The facts found by the trial court are generally not in dispute. Thus, they are conclusive. But to the extent that any facts as related earlier in this opinion are in dispute-such as whether Birch gave Freeman permission to enter Birch's apartment-we shall consider those facts in a light most favorable to Birch.
We find no error in the trial court's application of the law. Contrary to Birch's argument, the United States Supreme Court “has rejected a ‘but for’ test when determining whether an ‘intervening circumstance’ is sufficient to dissipate the taint caused by prior unlawful conduct on the part of the police.” 4 Rather, we have previously held that “a valid arrest may constitute an intervening event that cures the taint of an illegal detention sufficient to rebut the application of the exclusionary rule to evidence recovered in a search incident to an arrest.” 5 Kentucky is not alone in adopting this rule. In fact, several other courts have also adopted the rule that a valid arrest, such as one incident to a valid, outstanding warrant, is a sufficiently independent, untainted justification for the arrest and concomitant search.6 We adopt the opinion of our sister court in Alaska as the best summation of this rule:
If, during a non-flagrant but illegal stop, the police learn the defendant's name, and the disclosure of that name leads to the discovery of an outstanding warrant for the defendant's arrest, and the execution of that warrant leads to the discovery of evidence, the existence of the arrest warrant will be deemed an independent intervening circumstance that dissipates the taint of the initial illegal stop vis-à-vis the evidence discovered as a consequence of a search incident to the execution of the arrest warrant.7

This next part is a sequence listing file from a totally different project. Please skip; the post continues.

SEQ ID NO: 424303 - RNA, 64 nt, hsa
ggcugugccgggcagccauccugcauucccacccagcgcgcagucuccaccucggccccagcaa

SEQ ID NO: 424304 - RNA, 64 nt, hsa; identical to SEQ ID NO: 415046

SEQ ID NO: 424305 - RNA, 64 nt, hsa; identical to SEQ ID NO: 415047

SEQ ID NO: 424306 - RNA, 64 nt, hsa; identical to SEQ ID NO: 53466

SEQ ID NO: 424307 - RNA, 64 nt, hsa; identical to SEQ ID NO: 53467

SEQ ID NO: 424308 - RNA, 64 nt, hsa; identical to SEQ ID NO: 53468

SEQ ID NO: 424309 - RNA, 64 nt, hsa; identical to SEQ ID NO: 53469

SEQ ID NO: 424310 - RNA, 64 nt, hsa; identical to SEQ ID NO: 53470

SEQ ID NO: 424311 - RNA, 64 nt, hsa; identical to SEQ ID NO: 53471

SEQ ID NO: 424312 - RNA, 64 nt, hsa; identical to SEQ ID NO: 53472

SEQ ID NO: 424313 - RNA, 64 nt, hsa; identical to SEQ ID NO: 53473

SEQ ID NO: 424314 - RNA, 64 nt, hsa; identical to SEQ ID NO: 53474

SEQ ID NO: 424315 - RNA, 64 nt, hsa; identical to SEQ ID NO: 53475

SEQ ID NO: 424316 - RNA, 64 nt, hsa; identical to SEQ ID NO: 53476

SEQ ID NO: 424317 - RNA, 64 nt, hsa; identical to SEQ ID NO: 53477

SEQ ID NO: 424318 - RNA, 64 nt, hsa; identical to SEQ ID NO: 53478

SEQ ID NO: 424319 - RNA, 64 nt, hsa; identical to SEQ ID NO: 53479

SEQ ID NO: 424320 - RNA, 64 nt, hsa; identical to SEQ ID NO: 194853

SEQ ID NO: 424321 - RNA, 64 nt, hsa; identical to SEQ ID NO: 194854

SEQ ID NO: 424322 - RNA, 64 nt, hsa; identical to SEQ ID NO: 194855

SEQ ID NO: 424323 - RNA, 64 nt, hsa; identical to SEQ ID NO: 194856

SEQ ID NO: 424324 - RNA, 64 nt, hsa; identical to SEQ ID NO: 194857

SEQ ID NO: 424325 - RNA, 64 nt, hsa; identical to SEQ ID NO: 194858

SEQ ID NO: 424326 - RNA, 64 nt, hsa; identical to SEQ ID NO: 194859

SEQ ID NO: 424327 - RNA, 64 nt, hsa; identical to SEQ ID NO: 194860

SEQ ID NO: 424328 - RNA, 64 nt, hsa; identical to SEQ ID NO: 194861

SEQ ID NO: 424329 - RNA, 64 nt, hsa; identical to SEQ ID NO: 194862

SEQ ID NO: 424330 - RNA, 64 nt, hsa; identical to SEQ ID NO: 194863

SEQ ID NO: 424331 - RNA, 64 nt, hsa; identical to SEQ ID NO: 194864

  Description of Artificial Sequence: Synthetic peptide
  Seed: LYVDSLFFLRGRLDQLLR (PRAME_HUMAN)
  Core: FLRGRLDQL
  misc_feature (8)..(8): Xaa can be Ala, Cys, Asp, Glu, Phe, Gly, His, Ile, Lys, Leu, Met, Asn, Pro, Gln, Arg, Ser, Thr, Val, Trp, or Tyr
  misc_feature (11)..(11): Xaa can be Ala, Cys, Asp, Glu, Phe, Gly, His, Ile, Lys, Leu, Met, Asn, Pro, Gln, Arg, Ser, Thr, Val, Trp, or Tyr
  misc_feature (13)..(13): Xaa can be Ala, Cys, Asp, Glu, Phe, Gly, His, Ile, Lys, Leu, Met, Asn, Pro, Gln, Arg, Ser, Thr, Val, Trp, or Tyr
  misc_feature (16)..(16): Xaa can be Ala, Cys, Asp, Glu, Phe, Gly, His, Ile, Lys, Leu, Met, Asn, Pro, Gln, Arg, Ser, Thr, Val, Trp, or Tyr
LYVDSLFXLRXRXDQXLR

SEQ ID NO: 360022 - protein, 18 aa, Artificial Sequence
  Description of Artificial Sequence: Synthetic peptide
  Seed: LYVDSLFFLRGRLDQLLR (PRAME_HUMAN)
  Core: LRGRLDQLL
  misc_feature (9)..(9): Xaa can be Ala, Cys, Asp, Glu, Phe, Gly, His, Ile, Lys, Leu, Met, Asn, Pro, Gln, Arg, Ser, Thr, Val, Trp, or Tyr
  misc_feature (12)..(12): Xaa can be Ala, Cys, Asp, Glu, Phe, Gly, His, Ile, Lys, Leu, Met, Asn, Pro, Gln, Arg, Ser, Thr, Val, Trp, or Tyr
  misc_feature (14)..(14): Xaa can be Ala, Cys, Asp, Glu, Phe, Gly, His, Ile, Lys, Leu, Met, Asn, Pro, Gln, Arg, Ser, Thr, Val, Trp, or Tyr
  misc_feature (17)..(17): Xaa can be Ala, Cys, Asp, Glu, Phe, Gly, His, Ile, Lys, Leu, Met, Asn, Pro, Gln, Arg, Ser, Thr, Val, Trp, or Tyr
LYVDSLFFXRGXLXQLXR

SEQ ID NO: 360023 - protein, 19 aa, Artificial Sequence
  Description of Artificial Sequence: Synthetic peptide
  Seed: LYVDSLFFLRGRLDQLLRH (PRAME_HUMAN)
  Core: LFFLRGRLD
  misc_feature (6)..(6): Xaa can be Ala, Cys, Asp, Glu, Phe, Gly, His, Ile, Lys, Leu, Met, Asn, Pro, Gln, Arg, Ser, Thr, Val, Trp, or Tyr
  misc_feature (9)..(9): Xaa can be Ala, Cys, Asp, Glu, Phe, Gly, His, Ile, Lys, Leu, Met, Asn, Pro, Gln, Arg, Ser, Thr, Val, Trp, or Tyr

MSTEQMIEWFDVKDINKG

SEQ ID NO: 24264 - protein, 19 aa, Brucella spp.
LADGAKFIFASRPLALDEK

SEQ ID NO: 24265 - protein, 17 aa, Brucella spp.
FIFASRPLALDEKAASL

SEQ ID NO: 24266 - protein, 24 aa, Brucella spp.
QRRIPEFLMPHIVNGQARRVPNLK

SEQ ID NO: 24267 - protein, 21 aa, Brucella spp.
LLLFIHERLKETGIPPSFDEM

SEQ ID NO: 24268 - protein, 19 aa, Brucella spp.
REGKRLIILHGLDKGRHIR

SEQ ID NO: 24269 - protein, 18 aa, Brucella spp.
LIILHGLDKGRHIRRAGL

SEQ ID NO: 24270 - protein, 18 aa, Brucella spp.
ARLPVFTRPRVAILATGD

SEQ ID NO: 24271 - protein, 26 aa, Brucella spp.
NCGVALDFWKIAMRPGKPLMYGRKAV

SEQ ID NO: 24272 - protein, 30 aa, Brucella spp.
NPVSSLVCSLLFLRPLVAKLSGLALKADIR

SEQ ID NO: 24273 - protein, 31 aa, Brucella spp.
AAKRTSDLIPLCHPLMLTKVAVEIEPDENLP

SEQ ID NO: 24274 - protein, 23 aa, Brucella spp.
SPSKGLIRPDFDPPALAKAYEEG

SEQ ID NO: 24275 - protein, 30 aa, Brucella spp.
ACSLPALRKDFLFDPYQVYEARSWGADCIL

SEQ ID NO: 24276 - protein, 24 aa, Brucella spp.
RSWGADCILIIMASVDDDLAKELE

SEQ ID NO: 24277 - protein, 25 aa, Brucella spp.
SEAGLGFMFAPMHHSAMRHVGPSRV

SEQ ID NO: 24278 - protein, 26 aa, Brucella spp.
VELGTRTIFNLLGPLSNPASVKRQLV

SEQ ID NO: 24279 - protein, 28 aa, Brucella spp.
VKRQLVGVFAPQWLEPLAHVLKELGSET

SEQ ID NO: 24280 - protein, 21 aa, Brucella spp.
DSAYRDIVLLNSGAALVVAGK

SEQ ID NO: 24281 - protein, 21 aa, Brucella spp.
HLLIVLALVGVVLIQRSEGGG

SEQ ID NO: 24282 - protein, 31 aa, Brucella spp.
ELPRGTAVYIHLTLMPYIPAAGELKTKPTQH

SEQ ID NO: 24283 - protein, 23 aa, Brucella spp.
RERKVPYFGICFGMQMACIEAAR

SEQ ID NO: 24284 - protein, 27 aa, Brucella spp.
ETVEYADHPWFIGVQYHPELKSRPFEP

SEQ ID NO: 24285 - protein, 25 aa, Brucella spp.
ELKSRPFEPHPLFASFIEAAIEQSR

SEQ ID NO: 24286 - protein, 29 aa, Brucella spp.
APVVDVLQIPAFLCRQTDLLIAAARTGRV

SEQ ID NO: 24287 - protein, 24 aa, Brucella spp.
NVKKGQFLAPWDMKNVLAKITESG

The evidence was conflicting as to whether Birch gave Freeman permission to enter his dwelling. It is a well-settled legal principle that the trial court, as the finder of fact, has the discretion as to which testimony to believe. And it is quite possible that the trial court could have reasonably concluded that Birch consented to Freeman's entry into the apartment, thereby negating any illegality involved in Birch's “seizure.” But because the ultimate outcome of this case does not depend on a finding as to the legality of Freeman's entering Birch's dwelling, we need not resolve the issue of whether Freeman illegally seized Birch. In fact, we will assume, for purposes of this appeal, that Birch was improperly seized when Freeman questioned him inside Birch's dwelling.
It is uncontested that the warrant for Birch's arrest was valid. Furthermore, there is no indication that Freeman's encounter with Birch was unduly lengthy or that Freeman-or other officers-engaged in dilatory tactics while running Birch's name through the law enforcement database. So the seizure, illegal though we will presume it to be, is not so flagrant as to destroy the independent, untainted nature of the arrest warrant pending against Birch. Consequently, we hold that the trial court correctly ruled that the arrest warrant pending against Birch removed any taint of the allegedly illegal seizure in this case. Therefore, we affirm.
2. Stewart v. Commonwealth, 44 S.W.3d 376, 380 (Ky.App.2000) (internal footnote omitted).
3. See Terry v. Ohio, 392 U.S. 1, 88 S.Ct. 1868, 20 L.Ed.2d 889 (1968) (holding that a police officer may make a brief investigatory stop if he has reasonable, articulable suspicion that criminal activity is afoot).
4. Hardy v. Commonwealth, 149 S.W.3d 433, 435 (Ky.App.2004) (quoting United States v. Ceccolini, 435 U.S. 268, 276, 98 S.Ct. 1054, 55 L.Ed.2d 268 (1978)).
5. Baltimore v. Commonwealth, 119 S.W.3d 532, 541 n. 37 (Ky.App.2003) (citing United States v. Green, 111 F.3d 515 (7th Cir.1997)).
6. See, e.g., McBath v. State, 108 P.3d 241, 246 (Alaska Ct.App.2005) (collecting and citing cases on point from Illinois, Kansas, Texas, Indiana, etc.).
7. Id. at 248.